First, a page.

By BURO.’s own Sophie Beresiner, this is far from an instructional IVF manual
Let's be clear: this is not a book about infertility. The Mother Project is about the extremities of emotion, and a yearning so violent and overwhelming for something that really shouldn't be so hard. Deeply human in resonance, whether you have a child, want a child, or are ambivalent on the issue, you can’t help but root for Sophie – and Mr B, her pragmatic, pulls-it-out-of-the-bag-when-it-matters-the-most husband. Their painful interior world is made bearable by their bond; their inherent respect for each other, the process, and their shared goal to create a tiny human, who they’ll adore and cherish forever. Sophie was failed and wronged by so many, yet her story seldom plummets into woe is me. Yes, she’s enraged and heartbroken, but each setback calcifies her conviction to go on.
But by God has she had a rough ride. There’s no real way of cushioning it, nor would she want me to. I know this because she’s a very dear friend – and colleague. My boss, in fact (were she not on maternity leave). Damn, that’s a spoiler and a half to include in a review of a book called The Mother Project. My defence is that you probably already knew this, from her award-winning column in The Sunday Times, in which she continues to chronicle her journey to motherhood: from a cancer diagnosis at 30 (the treatment for which rendered her infertile), to her life a decade later, with her one-year-old baby, Marlies. Anyway, this beautifully written book is the unabridged version.
I was in the fortunate position of knowing the story as it was happening in real time. So really, I shouldn’t have been so engrossed. But, woah, how could I not be? I am a slow and distracted reader but I swallowed this whole. At times it’s as propulsive and pacey as a thriller, as motherhood hangs so desperately and delicately in the balance. First, there’s Dr Solokov, who oversees Sophie’s first round of IVF in Russia, and who “unceremoniously dumps” her, citing the tone of one anodyne email. SERIOUSLY, WHAT? (I was shouting in the bath). Later, after initially oozing warmth and compassion, surrogate number one, Melissa, begins sending curt, inconvenienced messages. Forgive Sophie – who is paying handsomely, as commercial surrogacy in America dictates – for wanting to be in touch on the day of her embryo transfer. HAVE SOME EMPATHY, COME ON MELISSA, OVERCOMPENSATE. I was reeling, but indeed, “the fuckery of surrogacy is that you have to keep everyone happy”.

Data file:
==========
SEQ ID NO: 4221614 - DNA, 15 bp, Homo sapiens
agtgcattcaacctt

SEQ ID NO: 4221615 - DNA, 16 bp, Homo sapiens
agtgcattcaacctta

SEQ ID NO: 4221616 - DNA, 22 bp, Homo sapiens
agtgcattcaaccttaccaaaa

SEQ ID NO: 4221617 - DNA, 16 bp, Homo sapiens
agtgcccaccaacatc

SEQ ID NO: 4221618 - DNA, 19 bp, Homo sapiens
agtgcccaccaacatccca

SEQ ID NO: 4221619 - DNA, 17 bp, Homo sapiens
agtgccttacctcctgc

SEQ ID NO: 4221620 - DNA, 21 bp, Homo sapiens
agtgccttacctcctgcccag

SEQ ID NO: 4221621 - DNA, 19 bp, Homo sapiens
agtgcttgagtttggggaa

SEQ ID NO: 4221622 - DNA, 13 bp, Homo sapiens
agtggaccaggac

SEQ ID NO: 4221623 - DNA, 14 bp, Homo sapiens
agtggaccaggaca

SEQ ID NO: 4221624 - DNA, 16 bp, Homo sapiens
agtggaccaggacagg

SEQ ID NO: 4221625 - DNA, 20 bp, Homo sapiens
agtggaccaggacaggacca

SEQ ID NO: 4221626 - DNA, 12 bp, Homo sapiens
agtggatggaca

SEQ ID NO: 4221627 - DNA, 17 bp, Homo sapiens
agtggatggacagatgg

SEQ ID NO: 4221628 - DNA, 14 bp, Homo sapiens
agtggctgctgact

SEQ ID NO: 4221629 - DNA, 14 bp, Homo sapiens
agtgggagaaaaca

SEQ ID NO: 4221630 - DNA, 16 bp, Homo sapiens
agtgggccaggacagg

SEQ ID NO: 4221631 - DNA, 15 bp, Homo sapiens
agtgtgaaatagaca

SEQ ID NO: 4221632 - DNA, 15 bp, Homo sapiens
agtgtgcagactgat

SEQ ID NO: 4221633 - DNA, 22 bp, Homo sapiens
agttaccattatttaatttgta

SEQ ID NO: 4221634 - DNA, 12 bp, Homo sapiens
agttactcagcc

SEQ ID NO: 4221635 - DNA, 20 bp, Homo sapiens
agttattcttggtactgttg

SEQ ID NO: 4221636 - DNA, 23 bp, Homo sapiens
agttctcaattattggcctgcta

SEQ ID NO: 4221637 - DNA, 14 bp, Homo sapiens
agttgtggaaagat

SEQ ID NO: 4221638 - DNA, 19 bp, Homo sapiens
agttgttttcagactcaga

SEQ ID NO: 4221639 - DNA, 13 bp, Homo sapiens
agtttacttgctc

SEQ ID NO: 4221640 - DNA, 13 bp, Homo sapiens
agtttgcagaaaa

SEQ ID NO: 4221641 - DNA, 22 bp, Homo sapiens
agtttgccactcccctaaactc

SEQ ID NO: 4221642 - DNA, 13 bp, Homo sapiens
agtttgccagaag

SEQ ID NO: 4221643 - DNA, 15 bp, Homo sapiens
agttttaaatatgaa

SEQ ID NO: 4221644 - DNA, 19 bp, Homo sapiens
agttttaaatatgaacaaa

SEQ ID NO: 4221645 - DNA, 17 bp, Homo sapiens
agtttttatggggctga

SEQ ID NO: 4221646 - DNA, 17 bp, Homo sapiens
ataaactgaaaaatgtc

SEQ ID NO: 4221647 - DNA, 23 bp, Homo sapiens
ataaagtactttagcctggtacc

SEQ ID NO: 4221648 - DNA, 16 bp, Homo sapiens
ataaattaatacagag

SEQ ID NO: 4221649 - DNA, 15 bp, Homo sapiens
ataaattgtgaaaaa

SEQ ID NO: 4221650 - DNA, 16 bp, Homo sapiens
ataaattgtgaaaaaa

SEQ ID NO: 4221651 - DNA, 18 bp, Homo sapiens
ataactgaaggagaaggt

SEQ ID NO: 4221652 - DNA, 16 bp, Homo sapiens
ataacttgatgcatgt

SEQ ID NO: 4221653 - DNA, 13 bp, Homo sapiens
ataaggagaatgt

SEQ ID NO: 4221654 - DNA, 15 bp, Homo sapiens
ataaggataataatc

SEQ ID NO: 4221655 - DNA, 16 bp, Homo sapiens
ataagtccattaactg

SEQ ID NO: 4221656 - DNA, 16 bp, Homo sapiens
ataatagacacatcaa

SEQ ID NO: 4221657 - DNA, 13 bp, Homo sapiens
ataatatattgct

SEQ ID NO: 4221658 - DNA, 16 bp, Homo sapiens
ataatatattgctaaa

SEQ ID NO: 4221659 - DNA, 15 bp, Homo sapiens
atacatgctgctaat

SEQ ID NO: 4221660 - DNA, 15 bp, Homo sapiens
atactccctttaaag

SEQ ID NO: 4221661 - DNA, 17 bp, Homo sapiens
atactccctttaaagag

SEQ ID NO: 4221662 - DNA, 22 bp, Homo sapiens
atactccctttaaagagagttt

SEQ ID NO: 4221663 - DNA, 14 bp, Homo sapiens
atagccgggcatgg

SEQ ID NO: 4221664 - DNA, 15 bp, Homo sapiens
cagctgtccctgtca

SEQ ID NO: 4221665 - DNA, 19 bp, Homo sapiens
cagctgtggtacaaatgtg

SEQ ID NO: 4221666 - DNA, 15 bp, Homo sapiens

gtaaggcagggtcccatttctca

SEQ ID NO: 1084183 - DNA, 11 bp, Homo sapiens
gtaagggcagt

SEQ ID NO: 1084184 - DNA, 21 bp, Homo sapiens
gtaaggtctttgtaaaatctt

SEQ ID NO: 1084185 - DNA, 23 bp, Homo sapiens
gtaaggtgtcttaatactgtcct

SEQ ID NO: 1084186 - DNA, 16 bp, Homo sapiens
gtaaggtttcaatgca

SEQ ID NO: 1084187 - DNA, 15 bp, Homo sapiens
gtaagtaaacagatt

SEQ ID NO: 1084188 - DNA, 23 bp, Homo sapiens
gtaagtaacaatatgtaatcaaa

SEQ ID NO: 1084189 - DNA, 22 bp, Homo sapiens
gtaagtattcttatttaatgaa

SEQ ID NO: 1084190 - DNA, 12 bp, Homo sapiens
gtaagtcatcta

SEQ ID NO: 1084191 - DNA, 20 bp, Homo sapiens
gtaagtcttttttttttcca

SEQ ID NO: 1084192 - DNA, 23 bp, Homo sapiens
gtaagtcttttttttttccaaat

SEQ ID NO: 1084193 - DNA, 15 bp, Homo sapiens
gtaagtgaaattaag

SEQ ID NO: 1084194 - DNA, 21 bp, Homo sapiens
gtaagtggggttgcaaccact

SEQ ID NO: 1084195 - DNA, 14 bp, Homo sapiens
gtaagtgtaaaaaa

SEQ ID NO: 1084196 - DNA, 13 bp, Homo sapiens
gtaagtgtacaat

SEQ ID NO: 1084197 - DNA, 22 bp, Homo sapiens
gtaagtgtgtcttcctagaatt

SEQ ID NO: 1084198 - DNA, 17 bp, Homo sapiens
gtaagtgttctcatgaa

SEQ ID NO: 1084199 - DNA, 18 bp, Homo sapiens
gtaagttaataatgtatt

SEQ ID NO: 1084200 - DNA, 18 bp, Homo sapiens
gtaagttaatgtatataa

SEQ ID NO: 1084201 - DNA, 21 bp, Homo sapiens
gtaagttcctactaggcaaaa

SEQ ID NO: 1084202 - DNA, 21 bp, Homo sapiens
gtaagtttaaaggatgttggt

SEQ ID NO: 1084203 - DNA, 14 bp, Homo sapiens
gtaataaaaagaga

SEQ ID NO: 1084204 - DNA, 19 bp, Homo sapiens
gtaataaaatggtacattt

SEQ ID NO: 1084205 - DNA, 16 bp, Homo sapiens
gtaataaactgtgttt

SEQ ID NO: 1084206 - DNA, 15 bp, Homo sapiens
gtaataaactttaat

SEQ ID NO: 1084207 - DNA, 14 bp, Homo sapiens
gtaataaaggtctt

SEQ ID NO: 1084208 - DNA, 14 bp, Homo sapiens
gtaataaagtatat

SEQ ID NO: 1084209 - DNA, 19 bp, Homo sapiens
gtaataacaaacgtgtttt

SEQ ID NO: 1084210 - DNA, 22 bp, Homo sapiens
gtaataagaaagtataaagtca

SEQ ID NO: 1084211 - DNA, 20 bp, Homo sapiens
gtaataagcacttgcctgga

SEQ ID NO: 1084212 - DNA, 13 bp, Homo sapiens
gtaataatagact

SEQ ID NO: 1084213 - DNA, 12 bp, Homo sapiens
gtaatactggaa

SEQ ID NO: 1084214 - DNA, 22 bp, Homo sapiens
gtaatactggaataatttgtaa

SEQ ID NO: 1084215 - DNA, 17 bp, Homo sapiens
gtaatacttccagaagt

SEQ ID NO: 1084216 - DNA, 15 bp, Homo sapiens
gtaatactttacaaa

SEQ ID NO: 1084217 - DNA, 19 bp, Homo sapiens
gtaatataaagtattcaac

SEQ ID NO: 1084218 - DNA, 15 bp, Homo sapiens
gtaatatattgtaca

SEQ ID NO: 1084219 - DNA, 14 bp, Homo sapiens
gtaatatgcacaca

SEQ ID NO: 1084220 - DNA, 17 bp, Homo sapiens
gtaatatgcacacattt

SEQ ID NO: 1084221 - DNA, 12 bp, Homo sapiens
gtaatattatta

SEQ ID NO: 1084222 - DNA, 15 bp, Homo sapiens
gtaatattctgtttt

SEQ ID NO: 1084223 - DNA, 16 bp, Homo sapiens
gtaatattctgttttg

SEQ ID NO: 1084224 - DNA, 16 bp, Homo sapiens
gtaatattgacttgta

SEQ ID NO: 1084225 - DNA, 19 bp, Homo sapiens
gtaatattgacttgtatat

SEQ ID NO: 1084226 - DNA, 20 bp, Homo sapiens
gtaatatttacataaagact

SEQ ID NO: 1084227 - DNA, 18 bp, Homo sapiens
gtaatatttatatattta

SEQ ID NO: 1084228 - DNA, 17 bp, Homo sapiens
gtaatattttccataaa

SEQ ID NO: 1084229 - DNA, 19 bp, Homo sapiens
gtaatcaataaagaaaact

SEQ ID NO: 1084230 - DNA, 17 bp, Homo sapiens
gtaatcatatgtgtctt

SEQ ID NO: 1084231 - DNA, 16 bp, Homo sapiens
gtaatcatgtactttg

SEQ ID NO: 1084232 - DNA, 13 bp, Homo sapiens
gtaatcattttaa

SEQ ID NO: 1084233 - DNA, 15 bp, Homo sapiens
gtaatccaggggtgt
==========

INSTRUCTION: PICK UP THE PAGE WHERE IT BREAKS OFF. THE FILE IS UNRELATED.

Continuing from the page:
And it’s not only emotionally ruinous, but financially so. Surrogacy in America (the supposed “gold-standard”) is “about £85,000.” Ha! That would have been a steal compared to what she actually ended up paying. As the bills wrack up (and up...), the heartbreak is compounded further. It's only now having read the book, that I've been able to piece it all together, you know, what happened when and why. I am forever in awe of any woman who can receive a life-changing gut punch one minute, and deliver a shining presentation the next.
Despite crossing the Atlantic, her surrogate – The Surrogate – Rebecca, was “right in front of [her]! In north London, dammit”. An altruistic angel sent from the mothering gods! When things started to go awry in America (again), Sophie replied to her message on Instagram in which she'd offered her womb. The verbatim inclusion of their initial contact feels like the most privileged peek behind the curtain. I savoured every word. How do you even begin to tell someone you’ve never met, that you want to carry their child?
Well, just as Rebecca did, actually.
The Mother Project by Sophie Beresiner, £14.99 (HarperCollins) launches on Thursday. Pre-order it here.